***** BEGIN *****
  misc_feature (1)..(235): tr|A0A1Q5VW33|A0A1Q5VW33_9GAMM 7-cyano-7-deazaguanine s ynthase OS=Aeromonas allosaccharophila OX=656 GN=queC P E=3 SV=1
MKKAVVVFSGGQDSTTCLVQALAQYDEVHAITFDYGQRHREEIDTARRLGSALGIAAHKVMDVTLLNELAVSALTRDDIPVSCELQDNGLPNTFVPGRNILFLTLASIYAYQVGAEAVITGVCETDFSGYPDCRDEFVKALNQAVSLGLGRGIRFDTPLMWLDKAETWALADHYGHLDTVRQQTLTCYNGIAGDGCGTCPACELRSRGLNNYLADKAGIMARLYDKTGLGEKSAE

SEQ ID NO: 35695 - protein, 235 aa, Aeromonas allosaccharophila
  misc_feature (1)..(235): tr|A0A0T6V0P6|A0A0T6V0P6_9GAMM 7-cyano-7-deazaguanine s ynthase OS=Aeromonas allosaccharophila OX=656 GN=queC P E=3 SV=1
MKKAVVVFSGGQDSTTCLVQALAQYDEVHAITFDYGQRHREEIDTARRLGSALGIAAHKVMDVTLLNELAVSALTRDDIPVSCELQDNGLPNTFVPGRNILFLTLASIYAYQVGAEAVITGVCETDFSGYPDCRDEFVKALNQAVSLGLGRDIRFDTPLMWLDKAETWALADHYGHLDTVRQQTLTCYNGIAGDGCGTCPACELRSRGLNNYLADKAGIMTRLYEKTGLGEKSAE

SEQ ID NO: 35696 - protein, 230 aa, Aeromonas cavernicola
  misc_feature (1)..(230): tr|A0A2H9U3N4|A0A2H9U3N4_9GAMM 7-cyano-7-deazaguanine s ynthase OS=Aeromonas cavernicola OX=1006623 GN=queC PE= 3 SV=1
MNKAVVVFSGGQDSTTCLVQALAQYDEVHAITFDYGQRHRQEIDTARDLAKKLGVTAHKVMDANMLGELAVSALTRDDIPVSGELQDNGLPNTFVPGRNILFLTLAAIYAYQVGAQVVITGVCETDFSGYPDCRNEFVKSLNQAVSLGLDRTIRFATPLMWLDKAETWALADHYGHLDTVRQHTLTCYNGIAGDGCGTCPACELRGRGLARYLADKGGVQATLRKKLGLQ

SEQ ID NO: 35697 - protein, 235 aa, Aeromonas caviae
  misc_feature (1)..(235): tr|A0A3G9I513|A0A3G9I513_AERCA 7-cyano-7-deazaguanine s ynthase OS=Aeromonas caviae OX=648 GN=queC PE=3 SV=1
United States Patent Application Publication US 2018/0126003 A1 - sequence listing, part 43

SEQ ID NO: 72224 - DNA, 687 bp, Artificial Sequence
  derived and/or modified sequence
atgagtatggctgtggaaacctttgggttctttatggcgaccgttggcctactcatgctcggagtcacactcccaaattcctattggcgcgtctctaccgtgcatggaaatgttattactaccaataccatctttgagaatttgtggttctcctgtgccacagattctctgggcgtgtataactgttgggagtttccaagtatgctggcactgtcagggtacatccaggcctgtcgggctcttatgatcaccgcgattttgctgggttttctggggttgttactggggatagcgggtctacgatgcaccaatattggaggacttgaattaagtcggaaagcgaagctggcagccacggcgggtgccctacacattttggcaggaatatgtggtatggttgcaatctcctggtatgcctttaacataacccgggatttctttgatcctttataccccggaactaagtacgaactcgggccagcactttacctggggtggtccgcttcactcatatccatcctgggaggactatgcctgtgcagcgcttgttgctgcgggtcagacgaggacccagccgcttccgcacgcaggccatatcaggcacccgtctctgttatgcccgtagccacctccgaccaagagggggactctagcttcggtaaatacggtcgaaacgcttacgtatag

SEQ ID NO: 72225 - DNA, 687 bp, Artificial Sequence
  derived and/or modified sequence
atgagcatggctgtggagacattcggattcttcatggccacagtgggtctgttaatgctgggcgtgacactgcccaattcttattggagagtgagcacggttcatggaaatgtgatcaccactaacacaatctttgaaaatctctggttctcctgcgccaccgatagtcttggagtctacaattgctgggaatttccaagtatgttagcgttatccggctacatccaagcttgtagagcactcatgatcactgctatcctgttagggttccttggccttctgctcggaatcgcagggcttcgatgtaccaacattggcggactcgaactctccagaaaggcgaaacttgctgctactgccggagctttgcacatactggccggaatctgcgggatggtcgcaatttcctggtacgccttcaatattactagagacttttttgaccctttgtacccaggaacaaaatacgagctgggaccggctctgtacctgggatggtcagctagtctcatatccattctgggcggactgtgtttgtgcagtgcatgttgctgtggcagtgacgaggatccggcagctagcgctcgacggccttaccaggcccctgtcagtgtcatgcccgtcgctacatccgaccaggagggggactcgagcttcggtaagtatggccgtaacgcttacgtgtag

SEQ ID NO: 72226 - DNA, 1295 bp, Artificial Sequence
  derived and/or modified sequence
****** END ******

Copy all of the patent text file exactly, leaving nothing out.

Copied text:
  misc_feature (1)..(235): tr|A0A1Q5VW33|A0A1Q5VW33_9GAMM 7-cyano-7-deazaguanine s ynthase OS=Aeromonas allosaccharophila OX=656 GN=queC P E=3 SV=1
MKKAVVVFSGGQDSTTCLVQALAQYDEVHAITFDYGQRHREEIDTARRLGSALGIAAHKVMDVTLLNELAVSALTRDDIPVSCELQDNGLPNTFVPGRNILFLTLASIYAYQVGAEAVITGVCETDFSGYPDCRDEFVKALNQAVSLGLGRGIRFDTPLMWLDKAETWALADHYGHLDTVRQQTLTCYNGIAGDGCGTCPACELRSRGLNNYLADKAGIMARLYDKTGLGEKSAE

SEQ ID NO: 35695 - protein, 235 aa, Aeromonas allosaccharophila
  misc_feature (1)..(235): tr|A0A0T6V0P6|A0A0T6V0P6_9GAMM 7-cyano-7-deazaguanine s ynthase OS=Aeromonas allosaccharophila OX=656 GN=queC P E=3 SV=1
MKKAVVVFSGGQDSTTCLVQALAQYDEVHAITFDYGQRHREEIDTARRLGSALGIAAHKVMDVTLLNELAVSALTRDDIPVSCELQDNGLPNTFVPGRNILFLTLASIYAYQVGAEAVITGVCETDFSGYPDCRDEFVKALNQAVSLGLGRDIRFDTPLMWLDKAETWALADHYGHLDTVRQQTLTCYNGIAGDGCGTCPACELRSRGLNNYLADKAGIMTRLYEKTGLGEKSAE

SEQ ID NO: 35696 - protein, 230 aa, Aeromonas cavernicola
  misc_feature (1)..(230): tr|A0A2H9U3N4|A0A2H9U3N4_9GAMM 7-cyano-7-deazaguanine s ynthase OS=Aeromonas cavernicola OX=1006623 GN=queC PE= 3 SV=1
MNKAVVVFSGGQDSTTCLVQALAQYDEVHAITFDYGQRHRQEIDTARDLAKKLGVTAHKVMDANMLGELAVSALTRDDIPVSGELQDNGLPNTFVPGRNILFLTLAAIYAYQVGAQVVITGVCETDFSGYPDCRNEFVKSLNQAVSLGLDRTIRFATPLMWLDKAETWALADHYGHLDTVRQHTLTCYNGIAGDGCGTCPACELRGRGLARYLADKGGVQATLRKKLGLQ

SEQ ID NO: 35697 - protein, 235 aa, Aeromonas caviae
  misc_feature (1)..(235): tr|A0A3G9I513|A0A3G9I513_AERCA 7-cyano-7-deazaguanine s ynthase OS=Aeromonas caviae OX=648 GN=queC PE=3 SV=1
United States Patent Application Publication US 2018/0126003 A1 - sequence listing, part 43

SEQ ID NO: 72224 - DNA, 687 bp, Artificial Sequence
  derived and/or modified sequence
atgagtatggctgtggaaacctttgggttctttatggcgaccgttggcctactcatgctcggagtcacactcccaaattcctattggcgcgtctctaccgtgcatggaaatgttattactaccaataccatctttgagaatttgtggttctcctgtgccacagattctctgggcgtgtataactgttgggagtttccaagtatgctggcactgtcagggtacatccaggcctgtcgggctcttatgatcaccgcgattttgctgggttttctggggttgttactggggatagcgggtctacgatgcaccaatattggaggacttgaattaagtcggaaagcgaagctggcagccacggcgggtgccctacacattttggcaggaatatgtggtatggttgcaatctcctggtatgcctttaacataacccgggatttctttgatcctttataccccggaactaagtacgaactcgggccagcactttacctggggtggtccgcttcactcatatccatcctgggaggactatgcctgtgcagcgcttgttgctgcgggtcagacgaggacccagccgcttccgcacgcaggccatatcaggcacccgtctctgttatgcccgtagccacctccgaccaagagggggactctagcttcggtaaatacggtcgaaacgcttacgtatag

SEQ ID NO: 72225 - DNA, 687 bp, Artificial Sequence
  derived and/or modified sequence
atgagcatggctgtggagacattcggattcttcatggccacagtgggtctgttaatgctgggcgtgacactgcccaattcttattggagagtgagcacggttcatggaaatgtgatcaccactaacacaatctttgaaaatctctggttctcctgcgccaccgatagtcttggagtctacaattgctgggaatttccaagtatgttagcgttatccggctacatccaagcttgtagagcactcatgatcactgctatcctgttagggttccttggccttctgctcggaatcgcagggcttcgatgtaccaacattggcggactcgaactctccagaaaggcgaaacttgctgctactgccggagctttgcacatactggccggaatctgcgggatggtcgcaatttcctggtacgccttcaatattactagagacttttttgaccctttgtacccaggaacaaaatacgagctgggaccggctctgtacctgggatggtcagctagtctcatatccattctgggcggactgtgtttgtgcagtgcatgttgctgtggcagtgacgaggatccggcagctagcgctcgacggccttaccaggcccctgtcagtgtcatgcccgtcgctacatccgaccaggagggggactcgagcttcggtaagtatggccgtaacgcttacgtgtag

SEQ ID NO: 72226 - DNA, 1295 bp, Artificial Sequence
  derived and/or modified sequence